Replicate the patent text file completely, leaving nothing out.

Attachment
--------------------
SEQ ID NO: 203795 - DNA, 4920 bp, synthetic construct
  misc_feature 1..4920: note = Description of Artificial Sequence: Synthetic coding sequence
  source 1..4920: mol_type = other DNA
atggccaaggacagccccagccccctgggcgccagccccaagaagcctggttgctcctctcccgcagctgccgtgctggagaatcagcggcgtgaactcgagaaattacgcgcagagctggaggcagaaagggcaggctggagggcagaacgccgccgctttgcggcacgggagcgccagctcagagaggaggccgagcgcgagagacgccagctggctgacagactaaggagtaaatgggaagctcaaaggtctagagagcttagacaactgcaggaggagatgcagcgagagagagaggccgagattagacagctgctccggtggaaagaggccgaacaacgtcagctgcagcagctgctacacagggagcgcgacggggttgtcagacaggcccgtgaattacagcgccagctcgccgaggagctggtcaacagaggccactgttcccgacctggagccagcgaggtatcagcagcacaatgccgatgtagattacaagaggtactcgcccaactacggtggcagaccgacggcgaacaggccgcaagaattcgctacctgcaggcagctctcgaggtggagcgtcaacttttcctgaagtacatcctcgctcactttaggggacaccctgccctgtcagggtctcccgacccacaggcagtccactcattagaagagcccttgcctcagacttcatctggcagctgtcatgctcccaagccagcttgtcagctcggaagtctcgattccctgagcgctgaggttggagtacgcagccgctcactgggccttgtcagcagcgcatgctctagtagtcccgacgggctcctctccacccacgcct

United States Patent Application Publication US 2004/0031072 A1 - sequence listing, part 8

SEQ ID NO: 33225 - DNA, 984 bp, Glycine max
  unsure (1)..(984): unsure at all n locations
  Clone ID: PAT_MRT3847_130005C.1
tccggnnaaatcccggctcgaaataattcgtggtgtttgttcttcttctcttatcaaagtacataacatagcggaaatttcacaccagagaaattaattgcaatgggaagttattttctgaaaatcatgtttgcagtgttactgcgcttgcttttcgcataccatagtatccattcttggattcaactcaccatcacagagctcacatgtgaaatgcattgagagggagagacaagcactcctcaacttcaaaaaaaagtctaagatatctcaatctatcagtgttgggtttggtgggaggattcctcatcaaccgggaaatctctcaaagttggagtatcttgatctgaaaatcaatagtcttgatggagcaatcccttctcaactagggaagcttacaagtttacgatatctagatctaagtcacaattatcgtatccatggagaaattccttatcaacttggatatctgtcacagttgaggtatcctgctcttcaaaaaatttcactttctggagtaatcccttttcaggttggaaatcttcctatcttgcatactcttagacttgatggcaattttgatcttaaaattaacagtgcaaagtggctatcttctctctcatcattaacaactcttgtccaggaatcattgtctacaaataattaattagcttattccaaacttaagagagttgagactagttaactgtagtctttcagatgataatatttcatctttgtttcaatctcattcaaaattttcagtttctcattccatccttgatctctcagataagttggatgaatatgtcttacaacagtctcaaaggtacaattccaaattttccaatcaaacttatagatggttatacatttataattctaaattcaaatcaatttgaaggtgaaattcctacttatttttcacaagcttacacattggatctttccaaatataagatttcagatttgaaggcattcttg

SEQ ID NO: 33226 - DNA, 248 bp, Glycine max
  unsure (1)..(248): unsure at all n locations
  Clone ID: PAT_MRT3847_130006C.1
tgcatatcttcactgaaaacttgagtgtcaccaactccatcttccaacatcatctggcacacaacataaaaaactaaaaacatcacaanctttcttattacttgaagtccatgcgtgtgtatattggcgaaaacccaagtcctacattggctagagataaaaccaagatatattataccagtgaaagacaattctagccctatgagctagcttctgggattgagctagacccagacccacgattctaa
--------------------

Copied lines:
SEQ ID NO: 203795 - DNA, 4920 bp, synthetic construct
  misc_feature 1..4920: note = Description of Artificial Sequence: Synthetic coding sequence
  source 1..4920: mol_type = other DNA
atggccaaggacagccccagccccctgggcgccagccccaagaagcctggttgctcctctcccgcagctgccgtgctggagaatcagcggcgtgaactcgagaaattacgcgcagagctggaggcagaaagggcaggctggagggcagaacgccgccgctttgcggcacgggagcgccagctcagagaggaggccgagcgcgagagacgccagctggctgacagactaaggagtaaatgggaagctcaaaggtctagagagcttagacaactgcaggaggagatgcagcgagagagagaggccgagattagacagctgctccggtggaaagaggccgaacaacgtcagctgcagcagctgctacacagggagcgcgacggggttgtcagacaggcccgtgaattacagcgccagctcgccgaggagctggtcaacagaggccactgttcccgacctggagccagcgaggtatcagcagcacaatgccgatgtagattacaagaggtactcgcccaactacggtggcagaccgacggcgaacaggccgcaagaattcgctacctgcaggcagctctcgaggtggagcgtcaacttttcctgaagtacatcctcgctcactttaggggacaccctgccctgtcagggtctcccgacccacaggcagtccactcattagaagagcccttgcctcagacttcatctggcagctgtcatgctcccaagccagcttgtcagctcggaagtctcgattccctgagcgctgaggttggagtacgcagccgctcactgggccttgtcagcagcgcatgctctagtagtcccgacgggctcctctccacccacgcct

United States Patent Application Publication US 2004/0031072 A1 - sequence listing, part 8

SEQ ID NO: 33225 - DNA, 984 bp, Glycine max
  unsure (1)..(984): unsure at all n locations
  Clone ID: PAT_MRT3847_130005C.1
tccggnnaaatcccggctcgaaataattcgtggtgtttgttcttcttctcttatcaaagtacataacatagcggaaatttcacaccagagaaattaattgcaatgggaagttattttctgaaaatcatgtttgcagtgttactgcgcttgcttttcgcataccatagtatccattcttggattcaactcaccatcacagagctcacatgtgaaatgcattgagagggagagacaagcactcctcaacttcaaaaaaaagtctaagatatctcaatctatcagtgttgggtttggtgggaggattcctcatcaaccgggaaatctctcaaagttggagtatcttgatctgaaaatcaatagtcttgatggagcaatcccttctcaactagggaagcttacaagtttacgatatctagatctaagtcacaattatcgtatccatggagaaattccttatcaacttggatatctgtcacagttgaggtatcctgctcttcaaaaaatttcactttctggagtaatcccttttcaggttggaaatcttcctatcttgcatactcttagacttgatggcaattttgatcttaaaattaacagtgcaaagtggctatcttctctctcatcattaacaactcttgtccaggaatcattgtctacaaataattaattagcttattccaaacttaagagagttgagactagttaactgtagtctttcagatgataatatttcatctttgtttcaatctcattcaaaattttcagtttctcattccatccttgatctctcagataagttggatgaatatgtcttacaacagtctcaaaggtacaattccaaattttccaatcaaacttatagatggttatacatttataattctaaattcaaatcaatttgaaggtgaaattcctacttatttttcacaagcttacacattggatctttccaaatataagatttcagatttgaaggcattcttg

SEQ ID NO: 33226 - DNA, 248 bp, Glycine max
  unsure (1)..(248): unsure at all n locations
  Clone ID: PAT_MRT3847_130006C.1
tgcatatcttcactgaaaacttgagtgtcaccaactccatcttccaacatcatctggcacacaacataaaaaactaaaaacatcacaanctttcttattacttgaagtccatgcgtgtgtatattggcgaaaacccaagtcctacattggctagagataaaaccaagatatattataccagtgaaagacaattctagccctatgagctagcttctgggattgagctagacccagacccacgattctaa